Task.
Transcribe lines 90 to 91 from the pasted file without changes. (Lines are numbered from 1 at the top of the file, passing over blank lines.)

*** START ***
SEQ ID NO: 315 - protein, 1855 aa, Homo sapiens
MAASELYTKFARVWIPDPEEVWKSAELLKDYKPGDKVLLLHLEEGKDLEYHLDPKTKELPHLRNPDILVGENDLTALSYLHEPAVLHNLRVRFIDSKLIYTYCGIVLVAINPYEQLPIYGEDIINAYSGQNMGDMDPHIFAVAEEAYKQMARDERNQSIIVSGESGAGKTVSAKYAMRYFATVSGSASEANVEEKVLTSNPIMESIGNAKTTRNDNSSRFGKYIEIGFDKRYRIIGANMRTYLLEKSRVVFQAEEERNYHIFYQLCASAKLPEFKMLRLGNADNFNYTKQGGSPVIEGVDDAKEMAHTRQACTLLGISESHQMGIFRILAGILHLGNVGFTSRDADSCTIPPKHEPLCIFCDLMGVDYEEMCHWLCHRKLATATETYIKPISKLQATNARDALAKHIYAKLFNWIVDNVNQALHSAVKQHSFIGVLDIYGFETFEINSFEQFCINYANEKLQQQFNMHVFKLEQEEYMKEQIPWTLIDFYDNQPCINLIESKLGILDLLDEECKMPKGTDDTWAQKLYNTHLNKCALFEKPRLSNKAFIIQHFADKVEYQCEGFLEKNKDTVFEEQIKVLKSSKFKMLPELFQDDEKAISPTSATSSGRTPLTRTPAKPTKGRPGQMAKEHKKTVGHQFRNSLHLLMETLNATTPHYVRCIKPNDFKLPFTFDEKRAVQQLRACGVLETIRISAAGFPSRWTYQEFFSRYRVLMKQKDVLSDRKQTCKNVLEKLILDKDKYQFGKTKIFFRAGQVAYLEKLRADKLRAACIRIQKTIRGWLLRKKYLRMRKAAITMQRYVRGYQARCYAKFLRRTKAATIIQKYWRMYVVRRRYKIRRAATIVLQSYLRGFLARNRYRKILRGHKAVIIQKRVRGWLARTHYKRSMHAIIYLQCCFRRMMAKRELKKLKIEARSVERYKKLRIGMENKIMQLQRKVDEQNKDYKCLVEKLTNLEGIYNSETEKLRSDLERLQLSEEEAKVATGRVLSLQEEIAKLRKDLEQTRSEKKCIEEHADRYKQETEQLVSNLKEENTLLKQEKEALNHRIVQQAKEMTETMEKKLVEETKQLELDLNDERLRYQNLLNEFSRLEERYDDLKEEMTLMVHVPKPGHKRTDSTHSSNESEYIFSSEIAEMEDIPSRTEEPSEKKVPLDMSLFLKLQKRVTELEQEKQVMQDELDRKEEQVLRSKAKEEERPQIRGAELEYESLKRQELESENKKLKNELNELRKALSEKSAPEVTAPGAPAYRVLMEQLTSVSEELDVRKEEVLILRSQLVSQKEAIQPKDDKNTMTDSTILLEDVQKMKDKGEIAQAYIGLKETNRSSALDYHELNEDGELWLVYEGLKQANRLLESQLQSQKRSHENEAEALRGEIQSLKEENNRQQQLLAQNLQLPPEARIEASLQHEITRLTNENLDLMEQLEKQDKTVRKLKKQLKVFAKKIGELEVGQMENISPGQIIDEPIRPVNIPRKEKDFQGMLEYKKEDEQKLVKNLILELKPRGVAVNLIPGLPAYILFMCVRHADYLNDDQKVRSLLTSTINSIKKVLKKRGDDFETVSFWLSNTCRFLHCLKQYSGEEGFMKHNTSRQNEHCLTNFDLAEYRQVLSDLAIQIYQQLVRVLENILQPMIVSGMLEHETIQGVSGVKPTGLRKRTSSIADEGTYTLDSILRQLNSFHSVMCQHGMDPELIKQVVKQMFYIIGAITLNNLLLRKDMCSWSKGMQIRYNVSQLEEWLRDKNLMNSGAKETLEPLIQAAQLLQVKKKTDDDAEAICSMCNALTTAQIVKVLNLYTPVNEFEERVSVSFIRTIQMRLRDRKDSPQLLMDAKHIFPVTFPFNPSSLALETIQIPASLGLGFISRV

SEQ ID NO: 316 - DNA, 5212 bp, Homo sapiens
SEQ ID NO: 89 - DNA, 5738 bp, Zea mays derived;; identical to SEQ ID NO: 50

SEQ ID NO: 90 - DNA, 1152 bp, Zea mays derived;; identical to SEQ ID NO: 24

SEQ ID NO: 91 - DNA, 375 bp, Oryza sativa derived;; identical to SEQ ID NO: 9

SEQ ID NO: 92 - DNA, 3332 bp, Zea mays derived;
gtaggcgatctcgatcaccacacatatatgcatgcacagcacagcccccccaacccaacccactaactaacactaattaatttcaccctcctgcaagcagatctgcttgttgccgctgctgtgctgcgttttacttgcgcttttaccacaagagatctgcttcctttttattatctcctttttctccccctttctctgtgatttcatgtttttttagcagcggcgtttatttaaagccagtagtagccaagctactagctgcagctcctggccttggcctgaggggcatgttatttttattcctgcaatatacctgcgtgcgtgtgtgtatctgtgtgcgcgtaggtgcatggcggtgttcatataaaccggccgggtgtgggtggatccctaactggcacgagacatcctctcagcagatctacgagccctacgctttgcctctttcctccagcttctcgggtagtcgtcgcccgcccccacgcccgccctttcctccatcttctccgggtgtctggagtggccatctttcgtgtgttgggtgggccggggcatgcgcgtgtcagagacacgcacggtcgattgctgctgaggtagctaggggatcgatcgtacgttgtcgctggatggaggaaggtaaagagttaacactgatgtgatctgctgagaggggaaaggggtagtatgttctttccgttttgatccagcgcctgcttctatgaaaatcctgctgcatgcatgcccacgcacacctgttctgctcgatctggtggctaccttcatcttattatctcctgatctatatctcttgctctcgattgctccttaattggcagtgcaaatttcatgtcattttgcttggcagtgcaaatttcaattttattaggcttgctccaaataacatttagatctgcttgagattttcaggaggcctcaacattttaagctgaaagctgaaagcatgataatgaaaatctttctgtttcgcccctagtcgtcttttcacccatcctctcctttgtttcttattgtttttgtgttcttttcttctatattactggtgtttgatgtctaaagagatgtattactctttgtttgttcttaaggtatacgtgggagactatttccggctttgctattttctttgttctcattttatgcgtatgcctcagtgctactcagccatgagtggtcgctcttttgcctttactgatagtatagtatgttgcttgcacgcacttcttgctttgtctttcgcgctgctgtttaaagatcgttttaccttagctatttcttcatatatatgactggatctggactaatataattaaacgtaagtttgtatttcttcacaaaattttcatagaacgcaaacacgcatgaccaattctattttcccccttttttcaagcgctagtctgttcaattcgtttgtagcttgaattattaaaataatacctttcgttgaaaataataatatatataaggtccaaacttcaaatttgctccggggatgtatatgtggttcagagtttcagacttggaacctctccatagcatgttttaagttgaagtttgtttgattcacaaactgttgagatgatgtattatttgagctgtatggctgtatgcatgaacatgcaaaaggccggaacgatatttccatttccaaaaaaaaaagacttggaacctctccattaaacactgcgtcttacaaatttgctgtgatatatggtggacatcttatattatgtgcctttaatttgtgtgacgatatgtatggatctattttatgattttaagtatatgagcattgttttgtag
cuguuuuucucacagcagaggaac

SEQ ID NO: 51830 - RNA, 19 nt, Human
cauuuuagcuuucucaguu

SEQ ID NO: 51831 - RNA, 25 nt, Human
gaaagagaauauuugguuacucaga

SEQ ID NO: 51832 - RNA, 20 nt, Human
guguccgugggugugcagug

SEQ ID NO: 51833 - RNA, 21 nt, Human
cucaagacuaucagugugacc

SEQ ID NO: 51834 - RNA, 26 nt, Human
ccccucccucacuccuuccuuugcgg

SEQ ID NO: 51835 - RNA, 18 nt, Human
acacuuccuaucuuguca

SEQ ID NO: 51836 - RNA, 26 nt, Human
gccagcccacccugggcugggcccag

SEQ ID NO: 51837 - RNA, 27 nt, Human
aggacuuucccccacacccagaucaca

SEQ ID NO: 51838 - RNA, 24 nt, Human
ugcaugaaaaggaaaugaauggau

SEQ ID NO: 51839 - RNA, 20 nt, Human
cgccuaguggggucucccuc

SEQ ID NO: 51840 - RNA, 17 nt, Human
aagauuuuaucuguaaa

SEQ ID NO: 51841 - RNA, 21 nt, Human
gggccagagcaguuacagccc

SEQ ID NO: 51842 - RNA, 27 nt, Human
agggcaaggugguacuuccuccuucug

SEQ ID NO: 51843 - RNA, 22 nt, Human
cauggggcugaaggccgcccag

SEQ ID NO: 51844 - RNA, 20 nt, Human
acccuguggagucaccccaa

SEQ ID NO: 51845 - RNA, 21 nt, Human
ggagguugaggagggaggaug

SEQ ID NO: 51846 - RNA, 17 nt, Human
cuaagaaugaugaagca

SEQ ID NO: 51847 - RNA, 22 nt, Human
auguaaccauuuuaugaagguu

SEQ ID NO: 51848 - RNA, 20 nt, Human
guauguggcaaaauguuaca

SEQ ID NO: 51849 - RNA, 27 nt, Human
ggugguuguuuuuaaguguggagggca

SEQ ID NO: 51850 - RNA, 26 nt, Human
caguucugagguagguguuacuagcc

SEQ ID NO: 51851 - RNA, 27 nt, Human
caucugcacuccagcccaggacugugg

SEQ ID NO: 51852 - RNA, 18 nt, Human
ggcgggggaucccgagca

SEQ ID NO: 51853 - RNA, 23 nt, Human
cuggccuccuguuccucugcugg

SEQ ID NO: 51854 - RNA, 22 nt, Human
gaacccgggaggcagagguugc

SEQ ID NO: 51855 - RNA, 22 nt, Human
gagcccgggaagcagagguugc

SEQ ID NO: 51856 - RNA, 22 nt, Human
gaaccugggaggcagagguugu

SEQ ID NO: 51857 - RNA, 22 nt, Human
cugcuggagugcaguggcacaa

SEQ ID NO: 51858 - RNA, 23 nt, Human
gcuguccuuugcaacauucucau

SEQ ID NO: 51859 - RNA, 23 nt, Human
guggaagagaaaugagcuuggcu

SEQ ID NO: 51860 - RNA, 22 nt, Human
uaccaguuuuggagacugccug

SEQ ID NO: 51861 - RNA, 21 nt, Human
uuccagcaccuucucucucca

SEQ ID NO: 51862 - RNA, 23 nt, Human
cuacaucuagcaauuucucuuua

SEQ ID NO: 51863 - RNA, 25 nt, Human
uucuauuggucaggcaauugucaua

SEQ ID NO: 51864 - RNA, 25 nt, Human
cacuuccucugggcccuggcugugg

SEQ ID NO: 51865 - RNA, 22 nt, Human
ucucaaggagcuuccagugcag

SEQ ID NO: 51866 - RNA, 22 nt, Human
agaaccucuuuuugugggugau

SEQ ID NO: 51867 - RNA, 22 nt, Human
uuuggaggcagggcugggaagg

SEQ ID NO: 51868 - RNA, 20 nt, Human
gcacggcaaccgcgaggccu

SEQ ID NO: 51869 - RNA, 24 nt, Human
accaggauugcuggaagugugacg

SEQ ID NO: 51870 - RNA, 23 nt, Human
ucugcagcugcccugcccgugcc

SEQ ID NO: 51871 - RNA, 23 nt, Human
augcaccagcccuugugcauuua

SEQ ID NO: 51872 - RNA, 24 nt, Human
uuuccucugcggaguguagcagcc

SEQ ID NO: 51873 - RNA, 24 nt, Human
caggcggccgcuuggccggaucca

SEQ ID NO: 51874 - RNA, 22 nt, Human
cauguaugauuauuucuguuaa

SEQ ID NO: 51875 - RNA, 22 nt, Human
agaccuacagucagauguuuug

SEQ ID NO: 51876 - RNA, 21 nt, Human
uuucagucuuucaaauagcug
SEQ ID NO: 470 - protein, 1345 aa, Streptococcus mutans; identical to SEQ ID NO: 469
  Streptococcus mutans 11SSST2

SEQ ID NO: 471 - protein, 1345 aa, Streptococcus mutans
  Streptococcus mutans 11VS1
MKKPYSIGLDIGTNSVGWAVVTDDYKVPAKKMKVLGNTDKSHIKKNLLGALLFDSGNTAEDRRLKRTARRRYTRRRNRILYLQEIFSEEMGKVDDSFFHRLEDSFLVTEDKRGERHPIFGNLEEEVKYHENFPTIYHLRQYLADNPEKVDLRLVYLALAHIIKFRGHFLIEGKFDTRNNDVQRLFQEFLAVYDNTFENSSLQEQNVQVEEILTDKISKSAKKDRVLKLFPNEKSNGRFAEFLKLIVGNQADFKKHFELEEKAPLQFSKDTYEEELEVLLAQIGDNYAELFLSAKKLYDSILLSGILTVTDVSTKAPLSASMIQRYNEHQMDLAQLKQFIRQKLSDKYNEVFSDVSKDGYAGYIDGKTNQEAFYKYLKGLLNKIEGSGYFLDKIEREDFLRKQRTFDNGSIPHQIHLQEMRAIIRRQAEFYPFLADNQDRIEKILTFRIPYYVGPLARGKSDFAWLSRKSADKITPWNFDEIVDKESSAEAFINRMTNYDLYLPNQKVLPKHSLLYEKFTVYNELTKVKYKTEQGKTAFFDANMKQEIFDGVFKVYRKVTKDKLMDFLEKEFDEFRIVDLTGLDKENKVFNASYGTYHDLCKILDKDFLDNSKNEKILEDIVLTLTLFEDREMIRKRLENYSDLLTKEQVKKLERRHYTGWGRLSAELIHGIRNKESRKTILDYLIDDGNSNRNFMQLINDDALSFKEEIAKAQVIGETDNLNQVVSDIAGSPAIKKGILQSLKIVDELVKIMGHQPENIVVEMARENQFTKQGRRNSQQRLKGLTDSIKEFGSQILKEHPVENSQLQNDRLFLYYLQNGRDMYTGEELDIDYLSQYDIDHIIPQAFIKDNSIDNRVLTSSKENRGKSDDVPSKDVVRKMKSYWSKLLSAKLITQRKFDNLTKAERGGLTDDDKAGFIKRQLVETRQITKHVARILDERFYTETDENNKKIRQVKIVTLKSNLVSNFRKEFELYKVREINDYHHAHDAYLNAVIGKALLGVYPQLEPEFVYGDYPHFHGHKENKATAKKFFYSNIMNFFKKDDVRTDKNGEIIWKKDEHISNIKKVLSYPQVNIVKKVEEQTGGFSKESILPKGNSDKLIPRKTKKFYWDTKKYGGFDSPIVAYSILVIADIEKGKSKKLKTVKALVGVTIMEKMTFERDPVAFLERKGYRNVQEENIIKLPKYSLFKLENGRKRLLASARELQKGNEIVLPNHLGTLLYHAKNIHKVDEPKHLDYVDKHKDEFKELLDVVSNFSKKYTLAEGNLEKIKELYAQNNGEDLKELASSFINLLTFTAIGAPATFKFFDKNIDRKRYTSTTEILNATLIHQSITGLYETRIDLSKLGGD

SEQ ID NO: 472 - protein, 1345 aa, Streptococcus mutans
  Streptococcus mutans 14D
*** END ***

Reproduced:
SEQ ID NO: 51870 - RNA, 23 nt, Human
ucugcagcugcccugcccgugcc